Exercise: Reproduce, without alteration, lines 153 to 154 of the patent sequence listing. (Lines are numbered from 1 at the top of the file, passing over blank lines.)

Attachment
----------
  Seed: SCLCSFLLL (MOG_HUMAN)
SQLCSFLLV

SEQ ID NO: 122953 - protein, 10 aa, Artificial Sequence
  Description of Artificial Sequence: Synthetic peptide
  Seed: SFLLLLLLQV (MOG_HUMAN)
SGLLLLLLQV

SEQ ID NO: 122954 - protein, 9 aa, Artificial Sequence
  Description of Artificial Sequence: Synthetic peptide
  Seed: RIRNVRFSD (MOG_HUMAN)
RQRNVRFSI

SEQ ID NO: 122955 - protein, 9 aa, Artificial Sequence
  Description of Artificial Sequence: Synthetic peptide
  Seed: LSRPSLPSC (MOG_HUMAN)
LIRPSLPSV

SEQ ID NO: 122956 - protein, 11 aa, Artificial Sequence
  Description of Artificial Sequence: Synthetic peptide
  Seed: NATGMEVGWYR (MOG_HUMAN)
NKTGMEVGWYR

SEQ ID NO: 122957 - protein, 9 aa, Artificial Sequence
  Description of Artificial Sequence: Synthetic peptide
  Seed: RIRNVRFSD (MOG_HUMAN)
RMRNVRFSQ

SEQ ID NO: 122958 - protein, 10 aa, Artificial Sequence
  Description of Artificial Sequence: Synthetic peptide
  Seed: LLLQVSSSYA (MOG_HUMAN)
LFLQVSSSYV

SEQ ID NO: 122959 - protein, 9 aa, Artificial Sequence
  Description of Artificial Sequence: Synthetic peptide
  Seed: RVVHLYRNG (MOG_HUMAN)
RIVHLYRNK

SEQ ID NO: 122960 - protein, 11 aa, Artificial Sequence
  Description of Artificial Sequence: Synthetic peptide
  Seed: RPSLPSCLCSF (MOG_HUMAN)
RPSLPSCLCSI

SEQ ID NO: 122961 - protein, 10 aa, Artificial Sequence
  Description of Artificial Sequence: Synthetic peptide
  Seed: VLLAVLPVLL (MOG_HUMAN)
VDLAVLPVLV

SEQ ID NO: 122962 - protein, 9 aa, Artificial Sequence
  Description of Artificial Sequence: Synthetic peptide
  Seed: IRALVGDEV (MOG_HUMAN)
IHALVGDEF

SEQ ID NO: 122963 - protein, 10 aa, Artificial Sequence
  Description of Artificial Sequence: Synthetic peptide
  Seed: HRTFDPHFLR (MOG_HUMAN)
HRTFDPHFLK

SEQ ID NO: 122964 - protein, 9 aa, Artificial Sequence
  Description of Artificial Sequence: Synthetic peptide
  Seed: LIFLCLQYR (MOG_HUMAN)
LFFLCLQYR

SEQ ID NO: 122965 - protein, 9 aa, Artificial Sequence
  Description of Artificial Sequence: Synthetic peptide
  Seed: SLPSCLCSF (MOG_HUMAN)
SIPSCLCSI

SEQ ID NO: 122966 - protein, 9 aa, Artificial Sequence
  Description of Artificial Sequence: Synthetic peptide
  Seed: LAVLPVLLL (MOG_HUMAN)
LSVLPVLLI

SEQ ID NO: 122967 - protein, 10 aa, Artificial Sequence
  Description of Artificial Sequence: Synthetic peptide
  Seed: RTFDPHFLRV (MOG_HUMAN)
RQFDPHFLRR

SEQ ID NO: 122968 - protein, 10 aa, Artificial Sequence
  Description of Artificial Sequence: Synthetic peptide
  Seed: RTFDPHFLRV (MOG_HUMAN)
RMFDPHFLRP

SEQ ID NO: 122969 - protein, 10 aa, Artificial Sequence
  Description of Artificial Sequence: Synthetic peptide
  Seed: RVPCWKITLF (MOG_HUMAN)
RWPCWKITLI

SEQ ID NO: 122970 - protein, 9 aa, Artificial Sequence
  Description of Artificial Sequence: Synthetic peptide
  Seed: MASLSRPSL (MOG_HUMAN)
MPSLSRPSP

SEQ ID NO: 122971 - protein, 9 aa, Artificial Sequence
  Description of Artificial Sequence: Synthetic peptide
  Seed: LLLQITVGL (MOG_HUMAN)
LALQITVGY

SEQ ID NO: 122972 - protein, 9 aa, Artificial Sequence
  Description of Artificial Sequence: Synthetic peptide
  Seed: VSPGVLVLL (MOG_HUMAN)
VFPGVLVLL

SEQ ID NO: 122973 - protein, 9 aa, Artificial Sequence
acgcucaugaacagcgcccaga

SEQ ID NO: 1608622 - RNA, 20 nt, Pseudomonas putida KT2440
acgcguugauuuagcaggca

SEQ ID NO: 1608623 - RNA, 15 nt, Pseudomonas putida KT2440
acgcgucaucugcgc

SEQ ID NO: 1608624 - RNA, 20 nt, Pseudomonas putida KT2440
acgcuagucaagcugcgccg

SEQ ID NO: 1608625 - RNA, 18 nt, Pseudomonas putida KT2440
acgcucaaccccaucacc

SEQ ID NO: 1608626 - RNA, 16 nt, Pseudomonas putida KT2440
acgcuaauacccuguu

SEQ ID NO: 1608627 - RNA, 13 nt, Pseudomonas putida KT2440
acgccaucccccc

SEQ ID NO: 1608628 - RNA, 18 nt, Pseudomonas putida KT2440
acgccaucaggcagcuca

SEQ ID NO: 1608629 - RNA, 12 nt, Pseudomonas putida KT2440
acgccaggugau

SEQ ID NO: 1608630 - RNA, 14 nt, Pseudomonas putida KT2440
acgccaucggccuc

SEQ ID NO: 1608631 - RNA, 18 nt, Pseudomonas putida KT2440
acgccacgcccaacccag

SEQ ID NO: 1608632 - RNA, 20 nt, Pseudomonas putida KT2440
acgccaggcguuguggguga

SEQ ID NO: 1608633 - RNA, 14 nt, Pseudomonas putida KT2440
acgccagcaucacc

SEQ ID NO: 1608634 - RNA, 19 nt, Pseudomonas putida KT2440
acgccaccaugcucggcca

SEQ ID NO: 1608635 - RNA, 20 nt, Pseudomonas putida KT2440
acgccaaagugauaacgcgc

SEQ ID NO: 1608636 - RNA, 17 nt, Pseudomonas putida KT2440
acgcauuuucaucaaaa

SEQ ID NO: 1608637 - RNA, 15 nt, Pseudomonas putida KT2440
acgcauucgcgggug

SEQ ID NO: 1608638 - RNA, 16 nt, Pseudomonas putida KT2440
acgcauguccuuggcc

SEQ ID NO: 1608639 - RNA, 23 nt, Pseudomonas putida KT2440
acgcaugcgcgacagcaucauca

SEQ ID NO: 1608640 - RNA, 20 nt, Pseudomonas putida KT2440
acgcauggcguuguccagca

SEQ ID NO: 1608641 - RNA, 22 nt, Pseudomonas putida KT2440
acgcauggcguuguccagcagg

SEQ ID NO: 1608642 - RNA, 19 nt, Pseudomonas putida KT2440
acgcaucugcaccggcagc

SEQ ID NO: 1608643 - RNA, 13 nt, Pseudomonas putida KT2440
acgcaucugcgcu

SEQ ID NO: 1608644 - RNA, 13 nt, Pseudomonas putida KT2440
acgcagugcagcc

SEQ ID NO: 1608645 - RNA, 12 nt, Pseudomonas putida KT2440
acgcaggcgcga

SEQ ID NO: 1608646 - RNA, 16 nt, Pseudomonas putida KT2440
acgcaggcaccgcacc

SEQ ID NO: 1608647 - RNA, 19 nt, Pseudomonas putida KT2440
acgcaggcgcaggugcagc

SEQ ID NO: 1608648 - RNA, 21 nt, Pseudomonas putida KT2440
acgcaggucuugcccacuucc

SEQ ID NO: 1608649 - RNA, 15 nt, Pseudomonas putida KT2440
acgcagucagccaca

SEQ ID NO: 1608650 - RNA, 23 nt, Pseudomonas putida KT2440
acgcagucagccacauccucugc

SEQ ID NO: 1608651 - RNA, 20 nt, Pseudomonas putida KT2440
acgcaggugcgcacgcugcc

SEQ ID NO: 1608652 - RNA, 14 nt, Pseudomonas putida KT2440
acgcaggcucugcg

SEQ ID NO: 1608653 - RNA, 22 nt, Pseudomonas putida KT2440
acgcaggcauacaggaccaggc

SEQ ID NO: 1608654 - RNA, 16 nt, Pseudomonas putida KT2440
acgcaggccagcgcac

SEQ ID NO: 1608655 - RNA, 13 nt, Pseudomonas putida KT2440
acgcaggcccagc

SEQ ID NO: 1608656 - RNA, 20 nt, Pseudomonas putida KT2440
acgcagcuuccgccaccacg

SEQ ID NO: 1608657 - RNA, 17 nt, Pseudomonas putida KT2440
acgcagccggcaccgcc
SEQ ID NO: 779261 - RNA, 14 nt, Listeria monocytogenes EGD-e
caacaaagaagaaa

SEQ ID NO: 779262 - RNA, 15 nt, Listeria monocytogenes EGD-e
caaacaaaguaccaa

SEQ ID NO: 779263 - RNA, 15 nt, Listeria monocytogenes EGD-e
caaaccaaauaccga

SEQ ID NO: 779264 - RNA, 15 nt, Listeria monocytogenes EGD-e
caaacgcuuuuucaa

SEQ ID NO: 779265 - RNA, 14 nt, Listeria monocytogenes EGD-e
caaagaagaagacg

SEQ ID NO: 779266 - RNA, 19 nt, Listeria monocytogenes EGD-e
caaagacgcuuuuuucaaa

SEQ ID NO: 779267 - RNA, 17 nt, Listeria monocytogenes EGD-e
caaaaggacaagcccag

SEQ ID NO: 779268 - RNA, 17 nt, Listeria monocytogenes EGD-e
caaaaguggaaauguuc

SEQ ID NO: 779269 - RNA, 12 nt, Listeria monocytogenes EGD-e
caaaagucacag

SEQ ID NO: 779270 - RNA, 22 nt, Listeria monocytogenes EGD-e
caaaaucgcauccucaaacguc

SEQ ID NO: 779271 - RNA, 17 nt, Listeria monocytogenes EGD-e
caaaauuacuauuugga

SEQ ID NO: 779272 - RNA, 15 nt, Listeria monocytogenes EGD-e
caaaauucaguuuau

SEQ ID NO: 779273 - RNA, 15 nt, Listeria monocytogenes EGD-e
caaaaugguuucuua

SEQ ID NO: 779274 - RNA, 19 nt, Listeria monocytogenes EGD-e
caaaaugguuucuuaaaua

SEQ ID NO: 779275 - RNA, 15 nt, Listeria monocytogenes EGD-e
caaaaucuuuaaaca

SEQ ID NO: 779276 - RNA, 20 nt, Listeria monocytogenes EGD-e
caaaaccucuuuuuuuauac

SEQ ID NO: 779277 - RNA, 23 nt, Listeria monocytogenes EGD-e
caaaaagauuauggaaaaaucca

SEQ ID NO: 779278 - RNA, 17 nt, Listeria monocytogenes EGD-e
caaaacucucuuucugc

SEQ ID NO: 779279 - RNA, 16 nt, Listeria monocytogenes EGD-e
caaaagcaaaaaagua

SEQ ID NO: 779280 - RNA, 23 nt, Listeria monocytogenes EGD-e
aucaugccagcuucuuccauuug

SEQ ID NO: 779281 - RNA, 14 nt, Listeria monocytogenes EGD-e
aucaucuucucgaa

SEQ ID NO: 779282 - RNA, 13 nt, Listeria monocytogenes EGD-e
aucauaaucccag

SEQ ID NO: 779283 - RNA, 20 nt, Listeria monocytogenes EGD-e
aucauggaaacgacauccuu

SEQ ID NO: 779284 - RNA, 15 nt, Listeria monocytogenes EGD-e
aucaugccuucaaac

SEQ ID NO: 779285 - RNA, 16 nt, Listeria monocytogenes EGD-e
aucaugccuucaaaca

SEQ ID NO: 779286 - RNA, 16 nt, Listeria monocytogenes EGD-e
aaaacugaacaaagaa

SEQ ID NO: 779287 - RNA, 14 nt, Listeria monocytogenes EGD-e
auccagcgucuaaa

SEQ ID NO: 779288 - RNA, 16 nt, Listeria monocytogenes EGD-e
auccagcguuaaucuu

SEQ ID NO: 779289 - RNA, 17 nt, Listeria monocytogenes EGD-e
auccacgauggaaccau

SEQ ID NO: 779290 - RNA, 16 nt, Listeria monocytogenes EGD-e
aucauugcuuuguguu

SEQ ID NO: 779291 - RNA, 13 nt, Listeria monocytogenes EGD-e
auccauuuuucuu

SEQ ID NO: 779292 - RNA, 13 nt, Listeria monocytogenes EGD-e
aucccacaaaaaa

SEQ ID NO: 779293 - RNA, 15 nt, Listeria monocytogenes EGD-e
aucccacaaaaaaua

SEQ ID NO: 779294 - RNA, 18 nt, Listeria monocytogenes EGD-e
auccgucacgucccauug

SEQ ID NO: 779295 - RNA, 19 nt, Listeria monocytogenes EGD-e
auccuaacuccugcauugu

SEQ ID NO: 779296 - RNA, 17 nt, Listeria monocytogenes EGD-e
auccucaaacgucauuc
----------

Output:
SEQ ID NO: 1608656 - RNA, 20 nt, Pseudomonas putida KT2440
acgcagcuuccgccaccacg